Only a small proportion of those found guilty of corruption in Kosovo end up in prison, the 12th court monitoring report produced by BIRN and Internews Kosova finds.
Few corruption-related court cases in Kosovo end with a prison sentence, BIRN Kosovo and Internews Kosova’s annual court monitoring report for 2017, presented on Tuesday, said.
Since the first such report, 12 years ago, the project has monitored over 10,000 court sessions, revealing important evidence of violations and failings within the judiciary in Kosovo.
Introducing the report, Labinot Leposhtica, from BIRN’s legal office in Kosovo, noted that only 32 of 254 court verdicts on corruption in 2017 resulted in prison sentences.
In most cases, those found guilty received conditional prison sentences or fines, Leposhtica added.
The report outlined numerous instances of light sentences – and of seriously prolonged corruption-related court cases.
Leposhtica also drew attention to procedural violations by judges, prosecutors and lawyers, which were witnessed during the monitoring.
The report was presented at a panel discussion on Tuesday, when the panelists discussed the main findings – including that few corruption cases in Kosovo end in prison sentences.
Jeta Xharra, BIRN Kosovo director, said that the past 12 years of court monitoring had revealed both progress and cause for disappointment.
She mentioned one notorious case, of Xhabir Zharku, former mayor of Kacanik, who after being convicted in Kosovo simply left the country and did not serve his prison sentence.
“The person you refer to is Kosovo’s shame, but such cases will not discourage us from supporting the judiciary. Such cases should not happen again,” Kosovo’s Minister of Justice, Abelard Tahiri, said, responding to Xharra’s words.
Tahiri said he saw BIRN as a welcome partner in his own work in the justice system.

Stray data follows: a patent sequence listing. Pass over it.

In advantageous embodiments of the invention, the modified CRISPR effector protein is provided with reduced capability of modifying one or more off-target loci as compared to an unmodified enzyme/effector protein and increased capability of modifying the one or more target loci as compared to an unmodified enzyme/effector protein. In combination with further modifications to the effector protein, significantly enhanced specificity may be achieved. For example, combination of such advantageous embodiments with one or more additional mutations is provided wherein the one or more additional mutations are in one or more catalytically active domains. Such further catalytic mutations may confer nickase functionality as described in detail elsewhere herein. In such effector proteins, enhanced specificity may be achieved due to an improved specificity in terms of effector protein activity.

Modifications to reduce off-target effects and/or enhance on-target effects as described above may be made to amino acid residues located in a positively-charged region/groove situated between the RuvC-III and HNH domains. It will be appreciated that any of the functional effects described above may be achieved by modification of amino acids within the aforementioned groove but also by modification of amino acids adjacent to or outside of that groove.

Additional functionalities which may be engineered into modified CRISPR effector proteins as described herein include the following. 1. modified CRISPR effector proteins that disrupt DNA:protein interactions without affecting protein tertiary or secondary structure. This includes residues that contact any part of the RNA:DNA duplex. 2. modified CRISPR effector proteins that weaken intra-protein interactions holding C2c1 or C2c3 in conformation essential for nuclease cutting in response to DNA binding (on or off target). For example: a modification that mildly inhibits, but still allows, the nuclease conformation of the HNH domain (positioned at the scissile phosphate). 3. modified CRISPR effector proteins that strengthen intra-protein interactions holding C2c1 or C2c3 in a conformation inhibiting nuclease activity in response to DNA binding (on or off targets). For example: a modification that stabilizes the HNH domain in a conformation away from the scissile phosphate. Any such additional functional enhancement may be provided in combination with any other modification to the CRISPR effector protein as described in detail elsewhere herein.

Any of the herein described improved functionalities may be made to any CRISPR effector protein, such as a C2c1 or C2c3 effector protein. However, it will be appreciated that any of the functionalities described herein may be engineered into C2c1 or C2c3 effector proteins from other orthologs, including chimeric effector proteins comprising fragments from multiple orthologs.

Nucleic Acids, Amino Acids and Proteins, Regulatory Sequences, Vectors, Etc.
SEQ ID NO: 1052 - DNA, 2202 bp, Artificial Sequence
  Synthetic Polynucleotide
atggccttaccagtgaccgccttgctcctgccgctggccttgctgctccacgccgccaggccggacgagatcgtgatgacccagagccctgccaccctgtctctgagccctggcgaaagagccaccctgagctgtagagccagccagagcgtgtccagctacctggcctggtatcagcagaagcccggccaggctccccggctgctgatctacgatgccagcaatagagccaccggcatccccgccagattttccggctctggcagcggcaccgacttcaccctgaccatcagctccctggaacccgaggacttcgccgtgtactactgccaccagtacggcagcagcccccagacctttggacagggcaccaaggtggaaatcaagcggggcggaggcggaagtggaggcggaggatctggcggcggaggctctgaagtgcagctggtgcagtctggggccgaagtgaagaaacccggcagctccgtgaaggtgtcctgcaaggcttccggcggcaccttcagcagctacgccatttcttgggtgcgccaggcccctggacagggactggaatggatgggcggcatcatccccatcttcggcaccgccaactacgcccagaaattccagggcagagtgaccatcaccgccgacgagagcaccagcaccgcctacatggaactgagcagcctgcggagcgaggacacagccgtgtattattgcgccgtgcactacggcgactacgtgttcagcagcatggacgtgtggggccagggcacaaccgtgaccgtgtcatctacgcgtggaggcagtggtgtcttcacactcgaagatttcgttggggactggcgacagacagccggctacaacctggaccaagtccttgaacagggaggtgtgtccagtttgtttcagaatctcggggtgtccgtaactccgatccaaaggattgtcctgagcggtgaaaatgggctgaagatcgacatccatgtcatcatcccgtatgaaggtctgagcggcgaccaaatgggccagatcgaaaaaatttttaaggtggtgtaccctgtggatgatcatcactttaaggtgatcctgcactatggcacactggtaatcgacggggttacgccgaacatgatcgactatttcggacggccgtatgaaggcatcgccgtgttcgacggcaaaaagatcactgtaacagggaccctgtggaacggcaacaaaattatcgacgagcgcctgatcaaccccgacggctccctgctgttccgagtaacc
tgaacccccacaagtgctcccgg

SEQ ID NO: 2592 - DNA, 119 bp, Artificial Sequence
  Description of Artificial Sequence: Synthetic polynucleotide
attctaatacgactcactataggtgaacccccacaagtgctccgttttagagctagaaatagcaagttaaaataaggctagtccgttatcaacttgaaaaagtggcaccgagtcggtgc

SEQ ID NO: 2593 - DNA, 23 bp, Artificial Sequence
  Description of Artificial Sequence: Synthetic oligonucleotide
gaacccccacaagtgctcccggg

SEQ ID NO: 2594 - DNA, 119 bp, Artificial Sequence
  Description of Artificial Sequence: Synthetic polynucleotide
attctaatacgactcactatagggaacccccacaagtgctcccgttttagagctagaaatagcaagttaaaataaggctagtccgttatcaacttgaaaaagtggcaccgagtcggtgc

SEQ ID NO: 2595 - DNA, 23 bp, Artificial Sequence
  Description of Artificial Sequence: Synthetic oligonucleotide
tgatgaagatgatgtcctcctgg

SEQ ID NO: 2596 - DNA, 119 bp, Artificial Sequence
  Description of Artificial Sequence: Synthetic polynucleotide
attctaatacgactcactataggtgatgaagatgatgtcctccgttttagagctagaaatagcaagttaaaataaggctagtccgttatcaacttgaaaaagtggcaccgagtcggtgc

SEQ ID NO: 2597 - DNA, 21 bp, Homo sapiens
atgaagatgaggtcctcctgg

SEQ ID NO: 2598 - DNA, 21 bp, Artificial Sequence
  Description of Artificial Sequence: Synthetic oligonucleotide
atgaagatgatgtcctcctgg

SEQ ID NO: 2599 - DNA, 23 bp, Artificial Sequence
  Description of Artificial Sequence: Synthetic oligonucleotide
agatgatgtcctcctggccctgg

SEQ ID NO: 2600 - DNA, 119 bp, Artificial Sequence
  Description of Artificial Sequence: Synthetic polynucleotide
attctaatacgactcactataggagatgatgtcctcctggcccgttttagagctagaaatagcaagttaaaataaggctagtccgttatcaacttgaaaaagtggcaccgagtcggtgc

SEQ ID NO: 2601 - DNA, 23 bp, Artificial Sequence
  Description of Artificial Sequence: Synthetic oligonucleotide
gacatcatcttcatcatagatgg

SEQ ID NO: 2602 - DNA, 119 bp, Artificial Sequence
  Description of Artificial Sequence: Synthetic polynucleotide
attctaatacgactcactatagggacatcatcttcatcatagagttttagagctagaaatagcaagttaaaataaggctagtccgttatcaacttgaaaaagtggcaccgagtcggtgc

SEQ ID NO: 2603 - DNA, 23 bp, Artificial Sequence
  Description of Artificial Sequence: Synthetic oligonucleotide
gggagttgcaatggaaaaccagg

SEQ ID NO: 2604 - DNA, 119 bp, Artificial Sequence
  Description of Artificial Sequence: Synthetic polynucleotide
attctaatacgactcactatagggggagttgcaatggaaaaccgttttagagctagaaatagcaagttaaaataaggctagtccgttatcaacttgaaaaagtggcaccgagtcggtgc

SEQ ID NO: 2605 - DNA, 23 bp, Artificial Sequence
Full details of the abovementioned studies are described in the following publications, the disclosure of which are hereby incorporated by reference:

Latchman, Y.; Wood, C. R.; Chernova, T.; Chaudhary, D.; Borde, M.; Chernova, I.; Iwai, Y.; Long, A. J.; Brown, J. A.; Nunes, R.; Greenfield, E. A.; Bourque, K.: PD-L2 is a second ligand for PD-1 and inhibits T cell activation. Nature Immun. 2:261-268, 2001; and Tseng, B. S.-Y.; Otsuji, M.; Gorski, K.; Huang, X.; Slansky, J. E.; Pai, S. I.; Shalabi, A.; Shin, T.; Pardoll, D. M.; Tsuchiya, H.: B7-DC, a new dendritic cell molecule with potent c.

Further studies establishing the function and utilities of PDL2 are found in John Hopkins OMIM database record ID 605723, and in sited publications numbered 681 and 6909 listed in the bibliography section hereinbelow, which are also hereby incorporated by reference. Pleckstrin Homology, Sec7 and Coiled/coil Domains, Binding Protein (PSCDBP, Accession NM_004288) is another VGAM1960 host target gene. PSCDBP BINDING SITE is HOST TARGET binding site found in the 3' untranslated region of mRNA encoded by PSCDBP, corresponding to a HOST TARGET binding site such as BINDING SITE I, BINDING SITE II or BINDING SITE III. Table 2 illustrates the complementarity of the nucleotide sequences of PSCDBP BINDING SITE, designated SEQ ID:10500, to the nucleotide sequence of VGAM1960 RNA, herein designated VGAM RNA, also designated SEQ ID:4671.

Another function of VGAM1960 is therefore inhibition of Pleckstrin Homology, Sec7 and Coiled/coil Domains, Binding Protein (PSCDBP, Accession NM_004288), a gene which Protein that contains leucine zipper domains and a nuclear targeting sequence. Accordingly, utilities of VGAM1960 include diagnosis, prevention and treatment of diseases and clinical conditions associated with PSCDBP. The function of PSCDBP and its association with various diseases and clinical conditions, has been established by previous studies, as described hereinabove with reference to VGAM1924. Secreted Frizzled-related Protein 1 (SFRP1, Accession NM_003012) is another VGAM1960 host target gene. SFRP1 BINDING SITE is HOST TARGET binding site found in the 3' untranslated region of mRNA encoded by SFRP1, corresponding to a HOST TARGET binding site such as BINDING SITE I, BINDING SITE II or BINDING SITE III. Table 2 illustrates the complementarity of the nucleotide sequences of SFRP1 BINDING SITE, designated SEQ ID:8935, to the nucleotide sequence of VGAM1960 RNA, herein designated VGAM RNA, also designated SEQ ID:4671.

The head of the Kosovo Supreme Court, Enver Peci, said judges and prosecutors had become more disciplined as a result of BIRN’s monitoring work over the past 12 years.
He said it was good that “the courts are not afraid of BIRN any longer; before, people were like, ‘Run! The BIRN people are here’ … whereas now we’ve become more disciplined because of you,” Peci said.
Hasan Shala, head of the Court of Appeals, talked about some of the worst flaws in the judiciary. “There are secret compromises between judges and prosecutors,” he admitted.
But he also mentioned achievements. “There were 160 cases related to corruption in 2017, 145 of which were closed during the year, so only 15 were left to be finished in 2018,” Shala noted.
Nehat Idrizi, head of the Kosovo Judicial Council, agreed with the findings of the report but said they were working hard on evaluating judges who since last year had been assessed by a professional commission.
“Last year, we started evaluating the judges’ performances; 66 judges have been evaluated, most of them have received a positive assessment, and only two or three were negative and had to undergo further training,” he said.
Idrizi said the low number of judges was a challenge when the number of unfinished court cases remained significant.
He also highlighted the lack of supporting staff for judges, arguing that they had an insufficient number of personal aides.